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Jews and Money. Asian Drivers. Polish IQ. CPT… that's racist! But where do these stereotypes come from? Comedian Mike Epps explores the backstories of this humor and how history and fact often distorts into a snide – but sometimes funny – shorthand.
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James Franco loves movies. He loves watching them, acting in them, directing them, and even writing them. And now, he’s going to take some of his favorite movie scenes from the most famous films of all time, and re-imagine them in ways that only James can.
The story of punk rock singer Laura Jane Grace of Against Me! who came out as a woman in 2012, and other members of the trans community whose experiences are woefully underrepresented and misunderstood in the media.
Executive produced by Zoe Saldana (who will be the subject of one episode), a celebrity travels back to their hometown to pay tribute to the one person from their past (before they were famous) who helped change their life by giving them an over-the-top, heart-felt surprise.
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In this Photography tutorial you will learn how to shoot a rock band on location.
Tags:How to Shoot a rock band,creating images,Lighting techniques,music photography,nobsphotosuccess,photography a rock band,photography tips,photography tutorials,rock band photography,successful photography
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Male: What are you going to do?
Male: Okay he’s got—is that what you want to do John?
John: Yeah, I’ll bring it. Kick your light with that.
Male: Okay so I don’t have to explain it what you’re going to do here. We all—he got all this whole switch. So he’s got a meter and then we’re going to meter port and then we’re going—he’s going to put the band right. Cross front here. Shooting here with the white angle will actually get all this. We’re going to pull one item behind them facing this way and that’s going to be—its going to light them like you know oh just go look like 0033 and then let’s go look like that your album from 1975 there you go. And then we’re going to bring a 0040 and probably one light in front and we’re going to match the—this can be a little slow speech, we’re going to match the ambient with the stroke so we can pull in all that nice. Light that disappeared.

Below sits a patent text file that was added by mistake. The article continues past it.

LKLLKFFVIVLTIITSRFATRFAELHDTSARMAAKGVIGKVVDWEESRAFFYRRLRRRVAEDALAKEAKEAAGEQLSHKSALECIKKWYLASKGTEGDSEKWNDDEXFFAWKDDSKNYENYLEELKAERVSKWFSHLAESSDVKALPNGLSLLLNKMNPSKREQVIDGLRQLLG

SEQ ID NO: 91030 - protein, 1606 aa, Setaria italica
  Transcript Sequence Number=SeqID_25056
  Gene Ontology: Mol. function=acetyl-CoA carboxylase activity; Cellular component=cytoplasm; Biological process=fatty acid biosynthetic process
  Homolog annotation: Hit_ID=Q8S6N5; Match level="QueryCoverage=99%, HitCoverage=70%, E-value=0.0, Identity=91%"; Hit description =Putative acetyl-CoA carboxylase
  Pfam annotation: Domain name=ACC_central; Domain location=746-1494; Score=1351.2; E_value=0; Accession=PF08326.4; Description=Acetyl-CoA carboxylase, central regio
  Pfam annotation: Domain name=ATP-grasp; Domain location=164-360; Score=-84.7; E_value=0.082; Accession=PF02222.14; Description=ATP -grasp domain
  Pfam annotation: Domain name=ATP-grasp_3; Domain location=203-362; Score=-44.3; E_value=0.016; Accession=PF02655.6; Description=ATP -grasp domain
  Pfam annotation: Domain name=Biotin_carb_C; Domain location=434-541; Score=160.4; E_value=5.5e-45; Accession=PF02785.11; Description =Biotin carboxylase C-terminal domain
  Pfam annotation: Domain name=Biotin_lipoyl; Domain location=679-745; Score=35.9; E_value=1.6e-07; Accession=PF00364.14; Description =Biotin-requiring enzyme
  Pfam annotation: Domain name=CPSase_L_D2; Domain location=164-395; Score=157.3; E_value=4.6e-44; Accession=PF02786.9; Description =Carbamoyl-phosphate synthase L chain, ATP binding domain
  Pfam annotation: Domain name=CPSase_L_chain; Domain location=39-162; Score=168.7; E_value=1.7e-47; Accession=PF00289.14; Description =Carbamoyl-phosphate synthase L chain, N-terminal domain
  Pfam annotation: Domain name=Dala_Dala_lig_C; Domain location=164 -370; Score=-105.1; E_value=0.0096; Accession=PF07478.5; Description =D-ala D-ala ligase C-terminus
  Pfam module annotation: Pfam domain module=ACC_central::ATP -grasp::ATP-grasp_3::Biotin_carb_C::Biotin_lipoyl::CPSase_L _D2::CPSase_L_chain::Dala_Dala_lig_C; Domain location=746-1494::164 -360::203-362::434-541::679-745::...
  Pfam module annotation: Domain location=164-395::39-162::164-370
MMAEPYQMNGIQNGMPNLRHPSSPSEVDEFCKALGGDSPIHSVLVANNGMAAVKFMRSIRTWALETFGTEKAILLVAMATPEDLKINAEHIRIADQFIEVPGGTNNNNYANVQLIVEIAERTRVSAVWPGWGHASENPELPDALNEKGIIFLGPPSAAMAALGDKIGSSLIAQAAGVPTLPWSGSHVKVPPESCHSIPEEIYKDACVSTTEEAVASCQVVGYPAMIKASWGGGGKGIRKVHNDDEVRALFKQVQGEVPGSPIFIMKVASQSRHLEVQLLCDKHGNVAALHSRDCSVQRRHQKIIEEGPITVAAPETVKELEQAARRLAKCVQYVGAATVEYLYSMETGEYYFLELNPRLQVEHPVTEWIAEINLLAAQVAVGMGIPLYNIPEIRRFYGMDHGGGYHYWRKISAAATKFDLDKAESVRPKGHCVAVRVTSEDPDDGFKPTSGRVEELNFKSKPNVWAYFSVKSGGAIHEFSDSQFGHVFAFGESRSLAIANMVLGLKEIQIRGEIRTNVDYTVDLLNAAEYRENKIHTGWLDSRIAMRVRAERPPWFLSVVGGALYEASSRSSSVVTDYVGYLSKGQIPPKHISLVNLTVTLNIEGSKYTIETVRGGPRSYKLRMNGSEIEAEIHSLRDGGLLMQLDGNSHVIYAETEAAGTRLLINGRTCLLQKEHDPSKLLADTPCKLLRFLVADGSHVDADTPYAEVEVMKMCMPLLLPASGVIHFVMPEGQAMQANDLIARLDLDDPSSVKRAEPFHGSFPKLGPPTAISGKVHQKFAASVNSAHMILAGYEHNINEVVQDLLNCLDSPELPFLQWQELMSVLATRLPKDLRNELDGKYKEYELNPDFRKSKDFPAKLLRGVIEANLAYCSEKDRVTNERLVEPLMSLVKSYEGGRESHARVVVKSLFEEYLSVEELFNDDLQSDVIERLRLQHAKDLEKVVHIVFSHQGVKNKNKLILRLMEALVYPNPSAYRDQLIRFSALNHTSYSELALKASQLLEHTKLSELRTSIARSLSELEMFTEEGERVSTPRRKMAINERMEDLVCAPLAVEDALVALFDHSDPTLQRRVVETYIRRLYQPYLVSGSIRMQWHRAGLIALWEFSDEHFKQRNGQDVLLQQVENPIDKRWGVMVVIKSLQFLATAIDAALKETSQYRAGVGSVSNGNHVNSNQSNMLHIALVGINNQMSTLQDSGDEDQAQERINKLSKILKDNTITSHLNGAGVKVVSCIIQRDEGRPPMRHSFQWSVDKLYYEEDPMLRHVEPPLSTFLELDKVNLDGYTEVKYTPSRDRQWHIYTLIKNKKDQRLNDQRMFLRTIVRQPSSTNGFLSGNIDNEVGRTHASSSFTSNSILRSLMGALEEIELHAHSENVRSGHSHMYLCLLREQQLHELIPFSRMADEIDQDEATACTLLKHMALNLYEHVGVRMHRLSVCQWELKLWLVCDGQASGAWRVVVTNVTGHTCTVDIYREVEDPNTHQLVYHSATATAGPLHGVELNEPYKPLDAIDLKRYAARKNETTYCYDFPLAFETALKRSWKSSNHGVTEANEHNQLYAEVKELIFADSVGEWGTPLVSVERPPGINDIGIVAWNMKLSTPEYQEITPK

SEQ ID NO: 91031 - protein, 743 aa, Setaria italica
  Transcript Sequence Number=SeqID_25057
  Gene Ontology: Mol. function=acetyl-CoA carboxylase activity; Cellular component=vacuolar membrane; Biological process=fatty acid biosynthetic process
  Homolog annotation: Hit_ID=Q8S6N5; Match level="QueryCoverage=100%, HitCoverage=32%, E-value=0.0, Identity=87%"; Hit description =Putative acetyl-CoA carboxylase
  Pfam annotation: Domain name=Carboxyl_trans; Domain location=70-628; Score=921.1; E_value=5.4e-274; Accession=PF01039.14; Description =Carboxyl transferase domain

Male: You’re going to match the ambient with the stroke.
Male: Yes but this is might half a second at F8 that I make the ambient like go even brighter to stops.
Male: That’s the idea.
Male: This maybe a total a flop.
Male: Oh we’re going to find out.
Male: We’re going to find out.
Male: So John—
Male: We see that movie right along in hump. This is James doing his best mono from 1987.
Male: And not screwed up.
Male: Okay this is our—so 0128.
Male: Say again.
Male: We’ll because he going in a wide angle and he’s going really low having that on the floor was really between Jill’s legs.
Male: Which will give us some serious flare?
Male: Put it right in the middle of their backspace okay.
Male: So they actually back out the light?
Male: Exactly and we’ll just going pin later on them.
Male: Come on let’s go.
Male: So what we need to do is we need two meter reading on their back and just to see how much is going to come out there. All that John? Okay let me get a meter reading on that.
Male: Are we good? Try out.
Male: That will be a really good relay.
Male: Yap. So we had more light.
Male: Work the light are basis.
Male: I’m going to throw shadow anymore.
Male: Why are you going to see when you take first exposure here.
Male: If its not I’ll just erase it. Here’s our flush point it back.
Male: Who’s shoot is this, either John?
Male: John’s? Who is the boss?
Male: John and you tell me what to do.
Male: Yeah I know 0305.
Male: John, here’s the top aren’t you?
Male: Yeah that’s right.
Male: F8 F5 and black and dash and those lights.
Male: Don’t forget to throw ambient in there.
Male: I’ll just explain what you just did there.
Male: That about half a second exposure and I’m at 17 0516 right now and I’m going to zoom back to 40 during my exposure.